Can. 331 (Latin) — Ecclesiae Romanae Episcopus, in quo permanet munus a Domino singulariter Petro, primo Apostolorum, concessum et successoribus eius transmittendum, Collegii Episcoporum est caput, Vicarius Christi atque universae Ecclesiae his in terris Pastor; qui ideo vi muneris sui suprema, plena, immediata et universali in Ecclesia gaudet ordinaria potestate, quam semper libere exercere valet (emphasis added).
Can. 331 (English) — The bishop of the Roman Church, in whom continues the office given by the Lord uniquely to Peter, the first of the Apostles, and to be transmitted to his successors, is the head of the college of bishops, the Vicar of Christ, and the pastor of the universal Church on earth. By virtue of his office he possesses supreme, full, immediate, and universal ordinary power in the Church, which he is always able to exercise freely (emphasis added).
If a pope renounces the administration of his office, he necessarily renounces the office itself, because the office per se (vi muneris) entails the right to act.
Thus, Pope Benedict’s renunciation of his administration entails renunciation of the papal office. That is why he goes on to express the results, which he is clearly cognizant of: the Chair of St. Peter will be vacant, and a new pope must be elected.
Finally, it is worth looking more closely at the conditions for a pope to relinquish the papal office.
Can. 332 Sec. 2 (Latin) — Si contingat ut Romanus Pontifex muneri suo renuntiet, ad validitatem requiritur ut renuntiatio libere fiat et rite manifestetur, non vero ut a quopiam acceptetur.
Can. 332 Sec. 2 (English) — If it happens that the Roman Pontiff resigns his office, it is required for validity that the resignation is made freely and properly manifested but not that it is accepted by anyone.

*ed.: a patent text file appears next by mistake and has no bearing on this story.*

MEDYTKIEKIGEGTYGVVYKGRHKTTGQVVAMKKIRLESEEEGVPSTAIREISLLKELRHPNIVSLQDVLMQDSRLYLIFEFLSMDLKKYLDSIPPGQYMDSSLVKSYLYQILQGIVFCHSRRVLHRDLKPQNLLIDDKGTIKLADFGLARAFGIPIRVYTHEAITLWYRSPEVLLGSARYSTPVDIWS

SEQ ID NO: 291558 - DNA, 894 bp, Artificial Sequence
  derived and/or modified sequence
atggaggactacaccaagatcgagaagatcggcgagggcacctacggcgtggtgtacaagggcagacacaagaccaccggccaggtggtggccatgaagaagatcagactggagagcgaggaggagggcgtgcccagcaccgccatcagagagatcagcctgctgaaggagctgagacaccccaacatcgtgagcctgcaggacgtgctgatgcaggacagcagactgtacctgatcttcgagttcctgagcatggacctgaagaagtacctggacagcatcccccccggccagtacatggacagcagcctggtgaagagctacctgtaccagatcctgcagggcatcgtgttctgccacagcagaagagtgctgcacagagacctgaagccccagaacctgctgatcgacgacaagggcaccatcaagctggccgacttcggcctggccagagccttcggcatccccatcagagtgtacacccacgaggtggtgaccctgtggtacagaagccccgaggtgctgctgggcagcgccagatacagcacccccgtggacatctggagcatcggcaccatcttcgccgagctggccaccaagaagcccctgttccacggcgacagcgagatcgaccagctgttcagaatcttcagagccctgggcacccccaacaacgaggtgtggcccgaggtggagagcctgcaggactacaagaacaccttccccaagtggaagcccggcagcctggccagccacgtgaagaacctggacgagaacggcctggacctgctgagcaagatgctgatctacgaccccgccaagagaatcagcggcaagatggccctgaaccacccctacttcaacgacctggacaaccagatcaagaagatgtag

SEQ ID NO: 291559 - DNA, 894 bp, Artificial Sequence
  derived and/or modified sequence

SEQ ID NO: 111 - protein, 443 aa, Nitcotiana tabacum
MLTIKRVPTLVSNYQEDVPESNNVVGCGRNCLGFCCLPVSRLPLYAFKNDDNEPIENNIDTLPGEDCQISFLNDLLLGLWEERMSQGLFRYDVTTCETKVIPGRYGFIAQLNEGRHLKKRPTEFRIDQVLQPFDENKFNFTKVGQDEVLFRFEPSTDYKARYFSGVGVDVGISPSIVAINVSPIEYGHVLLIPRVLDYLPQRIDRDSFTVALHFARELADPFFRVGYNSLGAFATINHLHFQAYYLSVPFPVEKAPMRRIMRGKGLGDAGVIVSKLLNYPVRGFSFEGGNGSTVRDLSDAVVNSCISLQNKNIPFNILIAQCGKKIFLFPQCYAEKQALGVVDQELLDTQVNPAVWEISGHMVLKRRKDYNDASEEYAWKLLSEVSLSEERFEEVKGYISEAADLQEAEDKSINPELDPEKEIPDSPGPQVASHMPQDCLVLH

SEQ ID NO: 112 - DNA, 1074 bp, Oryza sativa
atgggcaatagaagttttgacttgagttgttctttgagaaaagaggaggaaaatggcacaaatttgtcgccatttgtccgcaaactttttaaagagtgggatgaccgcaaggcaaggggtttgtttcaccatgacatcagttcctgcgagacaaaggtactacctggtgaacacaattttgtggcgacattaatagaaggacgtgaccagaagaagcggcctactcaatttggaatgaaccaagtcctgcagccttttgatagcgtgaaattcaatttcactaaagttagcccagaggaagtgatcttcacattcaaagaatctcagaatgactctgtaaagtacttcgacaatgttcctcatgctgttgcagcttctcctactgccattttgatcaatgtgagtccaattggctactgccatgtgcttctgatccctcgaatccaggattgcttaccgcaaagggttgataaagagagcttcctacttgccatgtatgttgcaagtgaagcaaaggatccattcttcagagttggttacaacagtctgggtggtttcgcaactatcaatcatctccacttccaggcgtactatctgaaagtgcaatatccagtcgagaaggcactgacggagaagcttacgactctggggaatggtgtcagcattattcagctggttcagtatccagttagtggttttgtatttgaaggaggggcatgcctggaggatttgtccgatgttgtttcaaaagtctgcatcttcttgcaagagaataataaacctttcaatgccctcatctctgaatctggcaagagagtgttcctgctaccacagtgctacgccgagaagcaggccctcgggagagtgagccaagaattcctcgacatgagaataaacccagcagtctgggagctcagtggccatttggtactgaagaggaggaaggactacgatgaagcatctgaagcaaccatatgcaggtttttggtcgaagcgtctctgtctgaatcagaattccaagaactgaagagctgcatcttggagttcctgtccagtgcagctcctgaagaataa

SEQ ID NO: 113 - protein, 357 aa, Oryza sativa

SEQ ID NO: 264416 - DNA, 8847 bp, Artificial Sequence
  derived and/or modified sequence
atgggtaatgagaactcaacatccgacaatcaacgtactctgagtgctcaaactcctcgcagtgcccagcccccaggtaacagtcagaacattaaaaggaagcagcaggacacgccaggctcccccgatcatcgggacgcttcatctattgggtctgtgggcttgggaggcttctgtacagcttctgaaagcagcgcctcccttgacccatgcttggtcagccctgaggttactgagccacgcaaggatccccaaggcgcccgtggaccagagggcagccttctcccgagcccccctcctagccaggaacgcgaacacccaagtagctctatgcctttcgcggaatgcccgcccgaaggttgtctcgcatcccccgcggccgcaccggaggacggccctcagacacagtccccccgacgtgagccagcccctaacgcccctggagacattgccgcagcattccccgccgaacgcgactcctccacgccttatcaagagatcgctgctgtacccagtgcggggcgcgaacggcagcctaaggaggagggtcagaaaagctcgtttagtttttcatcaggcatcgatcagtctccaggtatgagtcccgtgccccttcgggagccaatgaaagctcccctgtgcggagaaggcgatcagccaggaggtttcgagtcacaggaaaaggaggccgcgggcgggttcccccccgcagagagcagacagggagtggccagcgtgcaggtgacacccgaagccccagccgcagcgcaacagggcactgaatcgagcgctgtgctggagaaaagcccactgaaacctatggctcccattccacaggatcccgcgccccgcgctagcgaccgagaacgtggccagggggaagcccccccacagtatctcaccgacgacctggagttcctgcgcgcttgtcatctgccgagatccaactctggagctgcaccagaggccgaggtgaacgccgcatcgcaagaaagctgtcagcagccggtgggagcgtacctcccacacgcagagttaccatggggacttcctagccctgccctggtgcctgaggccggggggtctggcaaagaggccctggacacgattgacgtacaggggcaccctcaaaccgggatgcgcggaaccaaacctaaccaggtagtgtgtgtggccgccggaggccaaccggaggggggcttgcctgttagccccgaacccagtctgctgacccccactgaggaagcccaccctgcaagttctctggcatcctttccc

Interestingly, it does not have to be accepted by even the Roman College of Cardinals.
What is important to note here is that what is necessary is proper manifestation, not necessarily a set form of expression. There is not a set text, for example, which the Pope must recite publicly, with his right hand on the Holy Gospels, in order for the renunciation to be valid. There is no requirement for him to use any specific word, whether munus, ministerium, officium, papatus, or any other.
Thus, this whole discussion ad nauseam about munus and ministerium is actually a red herring.
The resignation has indeed been made manifest. The fact speaks for itself. Res ipsa loquitur. With Pope Emeritus Benedict standing by, Pope Francis has named bishops and cardinals, canonized saints, declared Doctors of the Church, modified canon law, and significantly modified at least one decree by Pope Benedict himself (Summorum Pontificum), which can be done only by the Supreme Pontiff.
For our part, then, we must fulfill the munus of filial piety that God has given us.
Please do not feed the trolls.
BRIGGS: Fr Rickert also has two other earlier articles on this subject: Countering The Claim That Francis Is An Antipope, and Antipope Claims: Substantial Error. Recently, Ed Feser answered the hypothetical consequence if the munus, ministerium distinction were real, and finds this only adds additional complications.
BRIGGS: Even if some of us still disagree about this, fighting or falling out among ourselves in this age is insane. We have more than enough enemies; we don’t need to do their work for them.
Buy my new book and learn to argue against the regime: Everything You Believe Is Wrong.